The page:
My immediate response was: never. I will never give up. I may pull a project based on poor market timing or to go with a new book, but always with the thought that the original book could work down the road.
Ahem. I want to take a moment to retract and amend that statement – because I was wrong.
It’s tempting for me to want to be fierce and loyal and beat my chest and say NEVEEER!!! But really, the actual answer is that sometimes, you just have to. But giving up on one book does not mean we're giving up on the author.
Yes, sometimes, there is enough solid feedback from editors that we can re-work the manuscript or the pitch and go for another round. Sometimes the response is: we LOVE it…but we’re just not looking for this right now. Sometimes there are tons of nibbles, but no bites…sometimes we get SO CLOSE…
And sometimes…it’s just time to put a project to bed.
To quote agent extraordinaire Jennifer Laughran:
“There are only so many editors. I am not going to sell work to a shady or bad editor, or to a house that I think is not reputable, just so I can say "we sold it." My goal is to sell the project WELL, not just sell it.
Not every single thing that every writer writes is going to find an awesome home - it just isn't, especially if they are prolific. So, sometimes projects end up going on the back burner for a while. If you do go forward with a new project and it sells, you might very well realize that the first one was flawed. People TEND to get better with each book -- I've found that I'm generally better off looking forward, not backward.”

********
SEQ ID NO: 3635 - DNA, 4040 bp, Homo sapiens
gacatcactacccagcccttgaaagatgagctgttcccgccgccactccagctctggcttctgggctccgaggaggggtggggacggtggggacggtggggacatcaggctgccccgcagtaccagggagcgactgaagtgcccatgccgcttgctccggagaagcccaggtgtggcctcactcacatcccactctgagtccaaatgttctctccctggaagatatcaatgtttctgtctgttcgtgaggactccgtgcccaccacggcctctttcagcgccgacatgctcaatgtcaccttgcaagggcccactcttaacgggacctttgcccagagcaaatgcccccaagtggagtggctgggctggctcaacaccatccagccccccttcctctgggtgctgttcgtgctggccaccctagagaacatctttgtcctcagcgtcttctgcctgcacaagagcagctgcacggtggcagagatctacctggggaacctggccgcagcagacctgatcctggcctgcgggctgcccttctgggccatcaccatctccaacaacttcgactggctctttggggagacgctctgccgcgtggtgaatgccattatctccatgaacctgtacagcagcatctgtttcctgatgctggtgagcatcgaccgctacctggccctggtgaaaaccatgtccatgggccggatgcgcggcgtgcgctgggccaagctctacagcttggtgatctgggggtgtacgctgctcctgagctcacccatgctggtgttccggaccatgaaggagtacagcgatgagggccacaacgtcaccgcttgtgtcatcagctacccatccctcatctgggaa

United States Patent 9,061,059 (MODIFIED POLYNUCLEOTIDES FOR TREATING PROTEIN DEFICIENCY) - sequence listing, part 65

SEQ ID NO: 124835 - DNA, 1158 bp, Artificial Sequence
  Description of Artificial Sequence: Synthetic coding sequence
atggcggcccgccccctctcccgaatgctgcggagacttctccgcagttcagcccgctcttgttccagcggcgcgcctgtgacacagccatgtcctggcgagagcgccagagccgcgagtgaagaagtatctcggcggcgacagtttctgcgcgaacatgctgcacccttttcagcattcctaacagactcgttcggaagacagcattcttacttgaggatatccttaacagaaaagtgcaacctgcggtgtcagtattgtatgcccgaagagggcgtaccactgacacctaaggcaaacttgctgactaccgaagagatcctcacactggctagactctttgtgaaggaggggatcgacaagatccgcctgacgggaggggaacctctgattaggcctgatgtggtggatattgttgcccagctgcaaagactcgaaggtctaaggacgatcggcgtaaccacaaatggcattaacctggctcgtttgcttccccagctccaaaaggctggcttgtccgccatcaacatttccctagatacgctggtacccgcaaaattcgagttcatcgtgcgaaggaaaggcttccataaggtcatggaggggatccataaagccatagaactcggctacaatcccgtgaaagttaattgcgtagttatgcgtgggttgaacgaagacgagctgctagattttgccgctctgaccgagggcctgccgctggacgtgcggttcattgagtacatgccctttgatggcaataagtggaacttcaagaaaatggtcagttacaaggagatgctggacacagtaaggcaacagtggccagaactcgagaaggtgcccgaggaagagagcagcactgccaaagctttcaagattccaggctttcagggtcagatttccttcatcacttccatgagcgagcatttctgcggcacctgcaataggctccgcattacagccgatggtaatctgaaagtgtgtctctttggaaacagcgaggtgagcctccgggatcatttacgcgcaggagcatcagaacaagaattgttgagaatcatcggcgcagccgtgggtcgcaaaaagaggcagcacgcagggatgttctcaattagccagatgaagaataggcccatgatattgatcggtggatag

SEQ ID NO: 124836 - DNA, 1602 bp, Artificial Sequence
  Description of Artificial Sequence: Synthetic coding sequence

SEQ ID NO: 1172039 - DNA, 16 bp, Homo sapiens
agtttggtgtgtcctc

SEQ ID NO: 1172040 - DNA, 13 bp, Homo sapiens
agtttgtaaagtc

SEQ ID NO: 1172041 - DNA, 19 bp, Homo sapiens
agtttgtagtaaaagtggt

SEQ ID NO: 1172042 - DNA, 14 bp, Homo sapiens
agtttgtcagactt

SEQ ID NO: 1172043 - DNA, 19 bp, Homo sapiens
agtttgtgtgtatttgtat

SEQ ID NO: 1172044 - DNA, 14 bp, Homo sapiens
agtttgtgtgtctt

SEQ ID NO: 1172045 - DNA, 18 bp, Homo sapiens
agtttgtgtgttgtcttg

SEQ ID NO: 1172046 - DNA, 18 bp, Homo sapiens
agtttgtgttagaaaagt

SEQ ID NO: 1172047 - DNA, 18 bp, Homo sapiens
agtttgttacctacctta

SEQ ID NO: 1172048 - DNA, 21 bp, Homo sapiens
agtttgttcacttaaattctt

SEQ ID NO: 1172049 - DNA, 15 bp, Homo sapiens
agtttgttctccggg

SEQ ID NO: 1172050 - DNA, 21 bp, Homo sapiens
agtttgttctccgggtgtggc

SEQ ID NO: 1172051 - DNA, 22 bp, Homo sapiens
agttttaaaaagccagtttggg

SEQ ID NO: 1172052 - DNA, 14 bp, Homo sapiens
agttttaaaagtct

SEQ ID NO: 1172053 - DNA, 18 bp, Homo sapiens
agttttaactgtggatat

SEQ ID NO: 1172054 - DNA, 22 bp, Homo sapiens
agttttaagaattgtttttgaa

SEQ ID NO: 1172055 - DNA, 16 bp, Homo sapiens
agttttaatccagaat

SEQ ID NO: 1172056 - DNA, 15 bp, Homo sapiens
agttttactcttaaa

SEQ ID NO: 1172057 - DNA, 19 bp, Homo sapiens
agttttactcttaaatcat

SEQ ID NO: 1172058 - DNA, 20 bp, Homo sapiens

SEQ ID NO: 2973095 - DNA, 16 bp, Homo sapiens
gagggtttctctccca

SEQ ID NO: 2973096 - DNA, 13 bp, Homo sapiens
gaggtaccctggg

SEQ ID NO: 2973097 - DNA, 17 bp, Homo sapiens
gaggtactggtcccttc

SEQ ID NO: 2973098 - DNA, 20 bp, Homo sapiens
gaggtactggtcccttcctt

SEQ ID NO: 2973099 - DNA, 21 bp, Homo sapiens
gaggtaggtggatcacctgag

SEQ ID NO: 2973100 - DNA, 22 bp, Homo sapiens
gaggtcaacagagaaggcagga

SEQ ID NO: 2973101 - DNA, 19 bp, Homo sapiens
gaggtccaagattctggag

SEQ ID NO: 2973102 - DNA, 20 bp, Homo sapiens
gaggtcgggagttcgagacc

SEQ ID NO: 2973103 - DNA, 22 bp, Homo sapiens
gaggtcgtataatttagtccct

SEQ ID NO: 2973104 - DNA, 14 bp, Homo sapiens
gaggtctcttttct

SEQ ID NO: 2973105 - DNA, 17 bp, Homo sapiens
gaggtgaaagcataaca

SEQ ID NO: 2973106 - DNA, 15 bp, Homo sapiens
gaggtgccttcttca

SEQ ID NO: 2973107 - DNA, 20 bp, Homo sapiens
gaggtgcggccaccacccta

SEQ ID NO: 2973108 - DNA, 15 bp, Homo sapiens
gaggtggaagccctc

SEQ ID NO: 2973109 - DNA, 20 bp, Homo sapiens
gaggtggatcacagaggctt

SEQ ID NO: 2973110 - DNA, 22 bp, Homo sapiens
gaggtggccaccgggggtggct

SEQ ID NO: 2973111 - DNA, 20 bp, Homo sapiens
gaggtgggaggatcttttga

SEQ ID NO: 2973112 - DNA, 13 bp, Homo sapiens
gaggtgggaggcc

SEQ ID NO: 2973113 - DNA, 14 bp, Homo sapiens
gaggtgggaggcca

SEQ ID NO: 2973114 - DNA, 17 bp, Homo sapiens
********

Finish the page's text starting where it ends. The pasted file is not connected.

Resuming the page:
To expand on this, I’ll quote the fantastic Mandy Hubbard – who brings to the table an agent AND author perspective:
“I saw the difference in rejections between my first agented project (The Jetsetter's Social Club) and my second (Prada & Prejudice). I wrote them just months apart. My agent thought the first would be the easier sell. It was obvious immediately that P&P was stronger. We went from vague/quick rejections to revision requests. Now, I would never want to see the first project on submission. It's not as good. I'm the same writer, and wrote them the same year. But sometimes you have to give up on a project-- just not the writer.”
So yes – sometimes, I will have to give up on a project – most often, because the only responses I’m getting are vague, or I’ve exhausted the list of editors to send to (if one editor at an imprint passes, that’s typically a pass for all at that imprint. And even two different imprints may have the same publisher, or boss – which means, the same boss says yes or no for both, and so it would be silly to get a no from one imprint and send to the other next when the same boss would see it again at the next), or I think a newer work will be much stronger and I want to focus on that one.
Sending something out endlessly, even to lots of smaller presses, might indeed land a sale - but if I think my client can do better…I’d rather wait and send out a new project for a chance at a better deal (and by better deal, no, I’m not just talking money; distribution, editing, marketing, cover art, communication, contract terms, etc. Some small presses are fabulous, but not all are created equal, and no way would I want my client's NEXT work tied up in an option with a non-reputable press!).
So authors: don’t give up on yourselves – don’t let rejection bother you. Just keep writing and developing – because that’s what we’re counting on you to do. We can only help you succeed if you continue to write!